British judges leave Hong Kong’s highest court

British Foreign Secretary Liz Truss. © Reuters

The British government announced, on Wednesday, the withdrawal of British judges from the highest court in Hong Kong due to the national security law imposed by China on the autonomous region in 2020.


We have witnessed the systematic erosion of freedom and democracy in Hong Kong. “Since the National Security Act was imposed, the authorities have taken action against freedom of expression, freedom of the press and freedom of association,” British Foreign Secretary Liz Truss said.

“The situation has reached a critical point as British judges can no longer sit in the main court in Hong Kong,” the minister added in a statement.

In accordance with the agreement to return the former British crown colony to China in 1997, British judges have since worked for the HKCFA (Hong Kong Court of Final Appeal), which is Hong Kong’s highest judicial authority. Retired judges from Australia and Canada are also on the court. Eight of the 12 non-permanent foreign judges are British, including the UK’s chief justice and deputy chief justice, who announced their resignations “with immediate effect” in a separate statement.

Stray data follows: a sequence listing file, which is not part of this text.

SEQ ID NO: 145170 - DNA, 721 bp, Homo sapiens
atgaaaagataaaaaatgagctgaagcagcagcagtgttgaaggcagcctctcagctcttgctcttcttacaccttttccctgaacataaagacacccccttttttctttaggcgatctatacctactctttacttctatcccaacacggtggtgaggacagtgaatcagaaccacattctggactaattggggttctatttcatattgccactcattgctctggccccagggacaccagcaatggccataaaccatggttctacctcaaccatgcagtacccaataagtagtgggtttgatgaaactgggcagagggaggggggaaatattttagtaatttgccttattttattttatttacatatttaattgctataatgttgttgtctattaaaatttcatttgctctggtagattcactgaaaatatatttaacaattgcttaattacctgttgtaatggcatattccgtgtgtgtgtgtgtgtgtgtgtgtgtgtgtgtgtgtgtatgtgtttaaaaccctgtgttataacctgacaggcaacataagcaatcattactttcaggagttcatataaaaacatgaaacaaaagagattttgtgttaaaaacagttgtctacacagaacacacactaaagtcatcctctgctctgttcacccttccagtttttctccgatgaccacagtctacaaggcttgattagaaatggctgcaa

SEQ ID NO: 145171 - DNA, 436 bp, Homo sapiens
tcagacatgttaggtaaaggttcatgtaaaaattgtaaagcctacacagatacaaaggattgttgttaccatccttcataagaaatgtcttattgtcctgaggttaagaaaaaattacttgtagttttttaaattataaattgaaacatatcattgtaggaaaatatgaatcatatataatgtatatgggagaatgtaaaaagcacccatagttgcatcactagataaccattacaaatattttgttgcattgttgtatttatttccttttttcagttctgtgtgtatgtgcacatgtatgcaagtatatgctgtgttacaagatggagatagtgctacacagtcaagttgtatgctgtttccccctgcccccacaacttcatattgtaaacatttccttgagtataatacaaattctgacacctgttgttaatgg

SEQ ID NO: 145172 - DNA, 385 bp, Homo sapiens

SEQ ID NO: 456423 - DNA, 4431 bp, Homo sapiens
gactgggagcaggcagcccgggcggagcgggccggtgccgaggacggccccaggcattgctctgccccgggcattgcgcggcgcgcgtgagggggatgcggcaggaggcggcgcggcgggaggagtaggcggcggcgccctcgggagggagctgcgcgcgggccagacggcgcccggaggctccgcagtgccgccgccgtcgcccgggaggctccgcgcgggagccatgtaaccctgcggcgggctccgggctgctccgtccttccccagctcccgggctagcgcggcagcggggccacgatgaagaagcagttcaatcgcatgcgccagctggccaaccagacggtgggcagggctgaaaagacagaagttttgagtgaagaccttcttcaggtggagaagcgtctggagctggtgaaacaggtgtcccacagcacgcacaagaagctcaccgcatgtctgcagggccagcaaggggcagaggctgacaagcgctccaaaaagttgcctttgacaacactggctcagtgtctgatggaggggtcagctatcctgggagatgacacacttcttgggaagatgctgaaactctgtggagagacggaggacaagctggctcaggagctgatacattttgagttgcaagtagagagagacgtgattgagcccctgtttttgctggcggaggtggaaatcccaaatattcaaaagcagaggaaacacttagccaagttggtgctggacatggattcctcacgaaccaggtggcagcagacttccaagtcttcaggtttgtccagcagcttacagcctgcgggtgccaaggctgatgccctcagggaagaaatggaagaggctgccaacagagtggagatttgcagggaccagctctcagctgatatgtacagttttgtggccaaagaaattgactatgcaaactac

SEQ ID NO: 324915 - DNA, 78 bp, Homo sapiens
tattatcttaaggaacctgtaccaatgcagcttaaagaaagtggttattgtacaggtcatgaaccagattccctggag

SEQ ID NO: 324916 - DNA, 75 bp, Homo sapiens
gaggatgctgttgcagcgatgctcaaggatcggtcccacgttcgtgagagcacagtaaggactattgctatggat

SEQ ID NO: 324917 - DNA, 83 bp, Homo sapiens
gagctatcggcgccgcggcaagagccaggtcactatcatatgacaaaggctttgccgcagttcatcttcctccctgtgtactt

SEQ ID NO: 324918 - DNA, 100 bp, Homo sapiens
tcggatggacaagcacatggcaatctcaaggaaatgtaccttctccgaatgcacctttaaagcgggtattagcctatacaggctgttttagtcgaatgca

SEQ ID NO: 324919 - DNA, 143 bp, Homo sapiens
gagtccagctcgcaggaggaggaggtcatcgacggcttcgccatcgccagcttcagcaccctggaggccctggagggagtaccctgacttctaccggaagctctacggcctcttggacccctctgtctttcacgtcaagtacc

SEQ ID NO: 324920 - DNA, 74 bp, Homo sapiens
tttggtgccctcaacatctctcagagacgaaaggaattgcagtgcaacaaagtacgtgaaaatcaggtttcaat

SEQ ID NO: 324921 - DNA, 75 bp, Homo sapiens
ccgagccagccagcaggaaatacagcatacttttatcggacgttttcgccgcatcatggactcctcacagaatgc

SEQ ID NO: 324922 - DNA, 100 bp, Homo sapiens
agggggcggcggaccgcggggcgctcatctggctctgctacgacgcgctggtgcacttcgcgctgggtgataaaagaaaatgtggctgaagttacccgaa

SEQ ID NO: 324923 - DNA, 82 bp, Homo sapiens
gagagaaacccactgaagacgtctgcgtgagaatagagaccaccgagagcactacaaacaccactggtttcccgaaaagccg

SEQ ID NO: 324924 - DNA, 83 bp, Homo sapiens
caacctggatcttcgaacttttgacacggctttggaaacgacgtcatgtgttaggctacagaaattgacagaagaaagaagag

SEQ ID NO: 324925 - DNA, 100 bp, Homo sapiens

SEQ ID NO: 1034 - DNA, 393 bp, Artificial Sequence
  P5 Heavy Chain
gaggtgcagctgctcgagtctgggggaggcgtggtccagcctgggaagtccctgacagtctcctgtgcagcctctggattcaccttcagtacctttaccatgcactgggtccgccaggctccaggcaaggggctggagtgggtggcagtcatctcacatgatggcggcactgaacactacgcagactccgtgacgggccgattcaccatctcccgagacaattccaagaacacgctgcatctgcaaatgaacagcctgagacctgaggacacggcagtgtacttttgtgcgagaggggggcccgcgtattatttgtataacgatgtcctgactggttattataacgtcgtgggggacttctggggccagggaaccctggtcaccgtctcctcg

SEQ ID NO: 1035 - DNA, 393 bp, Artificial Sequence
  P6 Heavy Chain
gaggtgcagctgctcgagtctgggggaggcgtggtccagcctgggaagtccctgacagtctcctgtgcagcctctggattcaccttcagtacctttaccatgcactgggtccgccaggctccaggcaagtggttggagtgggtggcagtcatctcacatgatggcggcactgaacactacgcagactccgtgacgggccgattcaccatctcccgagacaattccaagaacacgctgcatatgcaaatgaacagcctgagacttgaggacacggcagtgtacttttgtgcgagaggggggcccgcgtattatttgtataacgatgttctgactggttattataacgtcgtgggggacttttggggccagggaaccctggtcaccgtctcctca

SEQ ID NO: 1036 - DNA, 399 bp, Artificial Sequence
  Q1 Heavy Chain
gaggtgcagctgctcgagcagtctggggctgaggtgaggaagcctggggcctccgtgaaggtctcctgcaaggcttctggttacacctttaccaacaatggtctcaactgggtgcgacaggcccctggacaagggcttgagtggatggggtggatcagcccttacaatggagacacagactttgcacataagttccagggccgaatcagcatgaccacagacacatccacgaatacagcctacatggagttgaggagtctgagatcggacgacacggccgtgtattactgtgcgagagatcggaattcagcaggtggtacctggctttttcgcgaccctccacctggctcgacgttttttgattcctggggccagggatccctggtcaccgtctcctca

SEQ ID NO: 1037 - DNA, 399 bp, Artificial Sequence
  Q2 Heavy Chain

“I have decided in agreement with the government that the judges of the Supreme Court cannot remain in Hong Kong without giving the impression that they are covering a board of directors that has departed from the values ​​of political freedom and freedom of expression,” the chief justice said. To the Supreme Court, Robert Reed, who announced his departure and the departure of his colleague Patrick Hodge.

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